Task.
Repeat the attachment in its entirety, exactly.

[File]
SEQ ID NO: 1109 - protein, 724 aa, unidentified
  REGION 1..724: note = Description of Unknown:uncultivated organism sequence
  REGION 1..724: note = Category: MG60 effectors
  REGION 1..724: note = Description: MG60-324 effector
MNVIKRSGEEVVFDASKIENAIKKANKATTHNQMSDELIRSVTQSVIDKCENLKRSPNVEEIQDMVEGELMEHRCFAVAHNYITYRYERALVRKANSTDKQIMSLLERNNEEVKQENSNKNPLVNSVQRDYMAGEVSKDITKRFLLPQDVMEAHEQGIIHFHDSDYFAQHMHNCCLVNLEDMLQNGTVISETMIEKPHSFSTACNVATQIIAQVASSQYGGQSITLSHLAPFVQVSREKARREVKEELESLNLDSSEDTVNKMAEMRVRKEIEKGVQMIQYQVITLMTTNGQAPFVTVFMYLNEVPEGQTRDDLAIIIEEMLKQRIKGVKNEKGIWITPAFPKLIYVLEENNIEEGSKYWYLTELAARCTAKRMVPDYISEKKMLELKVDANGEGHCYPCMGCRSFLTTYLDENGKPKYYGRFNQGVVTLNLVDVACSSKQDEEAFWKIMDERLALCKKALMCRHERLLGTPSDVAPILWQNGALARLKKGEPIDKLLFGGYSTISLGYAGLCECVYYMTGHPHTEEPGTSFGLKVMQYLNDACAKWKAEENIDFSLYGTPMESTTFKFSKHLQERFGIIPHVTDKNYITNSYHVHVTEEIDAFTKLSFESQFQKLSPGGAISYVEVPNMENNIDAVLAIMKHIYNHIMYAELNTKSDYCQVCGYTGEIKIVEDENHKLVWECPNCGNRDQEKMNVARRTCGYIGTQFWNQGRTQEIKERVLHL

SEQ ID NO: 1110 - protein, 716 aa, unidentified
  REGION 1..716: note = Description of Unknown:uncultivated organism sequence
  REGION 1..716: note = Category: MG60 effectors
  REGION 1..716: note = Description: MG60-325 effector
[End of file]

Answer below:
SEQ ID NO: 1109 - protein, 724 aa, unidentified
  REGION 1..724: note = Description of Unknown:uncultivated organism sequence
  REGION 1..724: note = Category: MG60 effectors
  REGION 1..724: note = Description: MG60-324 effector
MNVIKRSGEEVVFDASKIENAIKKANKATTHNQMSDELIRSVTQSVIDKCENLKRSPNVEEIQDMVEGELMEHRCFAVAHNYITYRYERALVRKANSTDKQIMSLLERNNEEVKQENSNKNPLVNSVQRDYMAGEVSKDITKRFLLPQDVMEAHEQGIIHFHDSDYFAQHMHNCCLVNLEDMLQNGTVISETMIEKPHSFSTACNVATQIIAQVASSQYGGQSITLSHLAPFVQVSREKARREVKEELESLNLDSSEDTVNKMAEMRVRKEIEKGVQMIQYQVITLMTTNGQAPFVTVFMYLNEVPEGQTRDDLAIIIEEMLKQRIKGVKNEKGIWITPAFPKLIYVLEENNIEEGSKYWYLTELAARCTAKRMVPDYISEKKMLELKVDANGEGHCYPCMGCRSFLTTYLDENGKPKYYGRFNQGVVTLNLVDVACSSKQDEEAFWKIMDERLALCKKALMCRHERLLGTPSDVAPILWQNGALARLKKGEPIDKLLFGGYSTISLGYAGLCECVYYMTGHPHTEEPGTSFGLKVMQYLNDACAKWKAEENIDFSLYGTPMESTTFKFSKHLQERFGIIPHVTDKNYITNSYHVHVTEEIDAFTKLSFESQFQKLSPGGAISYVEVPNMENNIDAVLAIMKHIYNHIMYAELNTKSDYCQVCGYTGEIKIVEDENHKLVWECPNCGNRDQEKMNVARRTCGYIGTQFWNQGRTQEIKERVLHL

SEQ ID NO: 1110 - protein, 716 aa, unidentified
  REGION 1..716: note = Description of Unknown:uncultivated organism sequence
  REGION 1..716: note = Category: MG60 effectors
  REGION 1..716: note = Description: MG60-325 effector